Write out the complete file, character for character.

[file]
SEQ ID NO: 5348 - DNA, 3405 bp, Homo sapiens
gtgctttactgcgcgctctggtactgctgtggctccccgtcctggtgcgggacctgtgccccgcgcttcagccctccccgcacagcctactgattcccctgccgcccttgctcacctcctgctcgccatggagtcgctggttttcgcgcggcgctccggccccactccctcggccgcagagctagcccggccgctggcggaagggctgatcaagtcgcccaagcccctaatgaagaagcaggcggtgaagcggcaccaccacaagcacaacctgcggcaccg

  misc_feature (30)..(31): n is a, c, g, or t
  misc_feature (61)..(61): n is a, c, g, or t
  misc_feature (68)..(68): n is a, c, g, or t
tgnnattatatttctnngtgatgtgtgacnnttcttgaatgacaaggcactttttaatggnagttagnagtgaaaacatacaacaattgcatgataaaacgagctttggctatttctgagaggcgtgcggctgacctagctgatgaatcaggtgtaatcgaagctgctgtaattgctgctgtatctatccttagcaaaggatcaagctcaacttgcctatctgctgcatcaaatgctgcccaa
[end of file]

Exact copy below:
SEQ ID NO: 5348 - DNA, 3405 bp, Homo sapiens
gtgctttactgcgcgctctggtactgctgtggctccccgtcctggtgcgggacctgtgccccgcgcttcagccctccccgcacagcctactgattcccctgccgcccttgctcacctcctgctcgccatggagtcgctggttttcgcgcggcgctccggccccactccctcggccgcagagctagcccggccgctggcggaagggctgatcaagtcgcccaagcccctaatgaagaagcaggcggtgaagcggcaccaccacaagcacaacctgcggcaccg

  misc_feature (30)..(31): n is a, c, g, or t
  misc_feature (61)..(61): n is a, c, g, or t
  misc_feature (68)..(68): n is a, c, g, or t
tgnnattatatttctnngtgatgtgtgacnnttcttgaatgacaaggcactttttaatggnagttagnagtgaaaacatacaacaattgcatgataaaacgagctttggctatttctgagaggcgtgcggctgacctagctgatgaatcaggtgtaatcgaagctgctgtaattgctgctgtatctatccttagcaaaggatcaagctcaacttgcctatctgctgcatcaaatgctgcccaa